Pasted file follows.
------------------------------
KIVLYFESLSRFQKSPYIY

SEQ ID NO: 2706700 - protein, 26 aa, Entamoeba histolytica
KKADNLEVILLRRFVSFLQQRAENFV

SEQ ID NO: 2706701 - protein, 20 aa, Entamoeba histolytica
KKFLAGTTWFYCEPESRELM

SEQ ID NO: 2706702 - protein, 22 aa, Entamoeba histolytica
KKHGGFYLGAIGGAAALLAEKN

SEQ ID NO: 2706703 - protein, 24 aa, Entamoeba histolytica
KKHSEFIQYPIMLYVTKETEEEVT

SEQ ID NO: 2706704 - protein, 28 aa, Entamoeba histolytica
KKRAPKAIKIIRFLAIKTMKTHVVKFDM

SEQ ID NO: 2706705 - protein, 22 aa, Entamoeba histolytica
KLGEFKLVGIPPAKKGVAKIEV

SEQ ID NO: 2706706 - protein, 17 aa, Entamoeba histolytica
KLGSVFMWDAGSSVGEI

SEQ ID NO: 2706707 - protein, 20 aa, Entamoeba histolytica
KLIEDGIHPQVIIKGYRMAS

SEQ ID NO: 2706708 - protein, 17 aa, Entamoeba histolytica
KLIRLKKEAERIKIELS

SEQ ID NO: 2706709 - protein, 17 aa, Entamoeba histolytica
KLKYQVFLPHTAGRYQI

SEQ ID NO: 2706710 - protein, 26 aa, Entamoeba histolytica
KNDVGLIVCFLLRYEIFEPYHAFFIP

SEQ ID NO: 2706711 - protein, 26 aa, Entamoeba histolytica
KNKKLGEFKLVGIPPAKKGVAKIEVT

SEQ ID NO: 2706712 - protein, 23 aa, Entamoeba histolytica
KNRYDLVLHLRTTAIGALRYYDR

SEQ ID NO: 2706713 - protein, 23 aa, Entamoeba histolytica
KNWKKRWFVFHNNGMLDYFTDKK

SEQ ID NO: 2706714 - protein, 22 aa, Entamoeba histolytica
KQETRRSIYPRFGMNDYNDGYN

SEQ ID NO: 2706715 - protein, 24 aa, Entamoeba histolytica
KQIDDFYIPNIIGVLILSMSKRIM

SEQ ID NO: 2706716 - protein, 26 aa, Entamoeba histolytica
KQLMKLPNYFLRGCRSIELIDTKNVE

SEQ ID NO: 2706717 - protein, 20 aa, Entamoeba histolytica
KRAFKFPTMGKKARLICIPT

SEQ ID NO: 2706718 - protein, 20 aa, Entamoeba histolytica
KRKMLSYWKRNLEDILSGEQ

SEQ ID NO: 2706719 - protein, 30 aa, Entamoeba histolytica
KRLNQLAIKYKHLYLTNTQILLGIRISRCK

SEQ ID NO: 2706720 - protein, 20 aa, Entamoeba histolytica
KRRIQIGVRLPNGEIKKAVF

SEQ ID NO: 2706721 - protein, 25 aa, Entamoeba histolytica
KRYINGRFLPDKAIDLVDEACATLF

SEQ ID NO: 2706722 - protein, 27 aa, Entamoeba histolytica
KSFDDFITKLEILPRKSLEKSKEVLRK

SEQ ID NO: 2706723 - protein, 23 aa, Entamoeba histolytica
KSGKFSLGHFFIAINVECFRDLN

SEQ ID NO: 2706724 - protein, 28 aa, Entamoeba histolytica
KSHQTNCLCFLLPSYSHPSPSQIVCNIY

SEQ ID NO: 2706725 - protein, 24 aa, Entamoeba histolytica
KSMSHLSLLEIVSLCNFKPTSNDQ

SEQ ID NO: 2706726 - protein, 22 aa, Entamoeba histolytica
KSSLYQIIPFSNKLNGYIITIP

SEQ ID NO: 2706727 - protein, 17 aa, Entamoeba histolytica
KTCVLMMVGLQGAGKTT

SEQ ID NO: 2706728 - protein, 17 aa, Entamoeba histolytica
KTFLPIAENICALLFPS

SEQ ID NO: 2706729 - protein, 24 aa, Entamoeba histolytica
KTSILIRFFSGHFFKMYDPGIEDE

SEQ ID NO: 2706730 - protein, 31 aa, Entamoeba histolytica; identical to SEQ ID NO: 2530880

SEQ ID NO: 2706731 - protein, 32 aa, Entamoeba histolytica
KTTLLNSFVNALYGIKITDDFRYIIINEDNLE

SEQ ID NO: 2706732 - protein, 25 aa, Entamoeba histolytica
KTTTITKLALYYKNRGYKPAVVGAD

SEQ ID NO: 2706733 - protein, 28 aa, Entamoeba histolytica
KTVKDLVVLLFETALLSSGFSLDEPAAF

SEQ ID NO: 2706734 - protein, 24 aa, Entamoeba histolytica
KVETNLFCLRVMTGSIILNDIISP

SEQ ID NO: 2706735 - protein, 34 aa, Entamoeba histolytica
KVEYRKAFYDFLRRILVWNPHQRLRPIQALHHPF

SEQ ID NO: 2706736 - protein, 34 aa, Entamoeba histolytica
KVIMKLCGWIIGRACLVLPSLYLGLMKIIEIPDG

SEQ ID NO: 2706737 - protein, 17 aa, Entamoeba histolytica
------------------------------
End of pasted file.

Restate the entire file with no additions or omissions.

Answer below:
KIVLYFESLSRFQKSPYIY

SEQ ID NO: 2706700 - protein, 26 aa, Entamoeba histolytica
KKADNLEVILLRRFVSFLQQRAENFV

SEQ ID NO: 2706701 - protein, 20 aa, Entamoeba histolytica
KKFLAGTTWFYCEPESRELM

SEQ ID NO: 2706702 - protein, 22 aa, Entamoeba histolytica
KKHGGFYLGAIGGAAALLAEKN

SEQ ID NO: 2706703 - protein, 24 aa, Entamoeba histolytica
KKHSEFIQYPIMLYVTKETEEEVT

SEQ ID NO: 2706704 - protein, 28 aa, Entamoeba histolytica
KKRAPKAIKIIRFLAIKTMKTHVVKFDM

SEQ ID NO: 2706705 - protein, 22 aa, Entamoeba histolytica
KLGEFKLVGIPPAKKGVAKIEV

SEQ ID NO: 2706706 - protein, 17 aa, Entamoeba histolytica
KLGSVFMWDAGSSVGEI

SEQ ID NO: 2706707 - protein, 20 aa, Entamoeba histolytica
KLIEDGIHPQVIIKGYRMAS

SEQ ID NO: 2706708 - protein, 17 aa, Entamoeba histolytica
KLIRLKKEAERIKIELS

SEQ ID NO: 2706709 - protein, 17 aa, Entamoeba histolytica
KLKYQVFLPHTAGRYQI

SEQ ID NO: 2706710 - protein, 26 aa, Entamoeba histolytica
KNDVGLIVCFLLRYEIFEPYHAFFIP

SEQ ID NO: 2706711 - protein, 26 aa, Entamoeba histolytica
KNKKLGEFKLVGIPPAKKGVAKIEVT

SEQ ID NO: 2706712 - protein, 23 aa, Entamoeba histolytica
KNRYDLVLHLRTTAIGALRYYDR

SEQ ID NO: 2706713 - protein, 23 aa, Entamoeba histolytica
KNWKKRWFVFHNNGMLDYFTDKK

SEQ ID NO: 2706714 - protein, 22 aa, Entamoeba histolytica
KQETRRSIYPRFGMNDYNDGYN

SEQ ID NO: 2706715 - protein, 24 aa, Entamoeba histolytica
KQIDDFYIPNIIGVLILSMSKRIM

SEQ ID NO: 2706716 - protein, 26 aa, Entamoeba histolytica
KQLMKLPNYFLRGCRSIELIDTKNVE

SEQ ID NO: 2706717 - protein, 20 aa, Entamoeba histolytica
KRAFKFPTMGKKARLICIPT

SEQ ID NO: 2706718 - protein, 20 aa, Entamoeba histolytica
KRKMLSYWKRNLEDILSGEQ

SEQ ID NO: 2706719 - protein, 30 aa, Entamoeba histolytica
KRLNQLAIKYKHLYLTNTQILLGIRISRCK

SEQ ID NO: 2706720 - protein, 20 aa, Entamoeba histolytica
KRRIQIGVRLPNGEIKKAVF

SEQ ID NO: 2706721 - protein, 25 aa, Entamoeba histolytica
KRYINGRFLPDKAIDLVDEACATLF

SEQ ID NO: 2706722 - protein, 27 aa, Entamoeba histolytica
KSFDDFITKLEILPRKSLEKSKEVLRK

SEQ ID NO: 2706723 - protein, 23 aa, Entamoeba histolytica
KSGKFSLGHFFIAINVECFRDLN

SEQ ID NO: 2706724 - protein, 28 aa, Entamoeba histolytica
KSHQTNCLCFLLPSYSHPSPSQIVCNIY

SEQ ID NO: 2706725 - protein, 24 aa, Entamoeba histolytica
KSMSHLSLLEIVSLCNFKPTSNDQ

SEQ ID NO: 2706726 - protein, 22 aa, Entamoeba histolytica
KSSLYQIIPFSNKLNGYIITIP

SEQ ID NO: 2706727 - protein, 17 aa, Entamoeba histolytica
KTCVLMMVGLQGAGKTT

SEQ ID NO: 2706728 - protein, 17 aa, Entamoeba histolytica
KTFLPIAENICALLFPS

SEQ ID NO: 2706729 - protein, 24 aa, Entamoeba histolytica
KTSILIRFFSGHFFKMYDPGIEDE

SEQ ID NO: 2706730 - protein, 31 aa, Entamoeba histolytica; identical to SEQ ID NO: 2530880

SEQ ID NO: 2706731 - protein, 32 aa, Entamoeba histolytica
KTTLLNSFVNALYGIKITDDFRYIIINEDNLE

SEQ ID NO: 2706732 - protein, 25 aa, Entamoeba histolytica
KTTTITKLALYYKNRGYKPAVVGAD

SEQ ID NO: 2706733 - protein, 28 aa, Entamoeba histolytica
KTVKDLVVLLFETALLSSGFSLDEPAAF

SEQ ID NO: 2706734 - protein, 24 aa, Entamoeba histolytica
KVETNLFCLRVMTGSIILNDIISP

SEQ ID NO: 2706735 - protein, 34 aa, Entamoeba histolytica
KVEYRKAFYDFLRRILVWNPHQRLRPIQALHHPF

SEQ ID NO: 2706736 - protein, 34 aa, Entamoeba histolytica
KVIMKLCGWIIGRACLVLPSLYLGLMKIIEIPDG

SEQ ID NO: 2706737 - protein, 17 aa, Entamoeba histolytica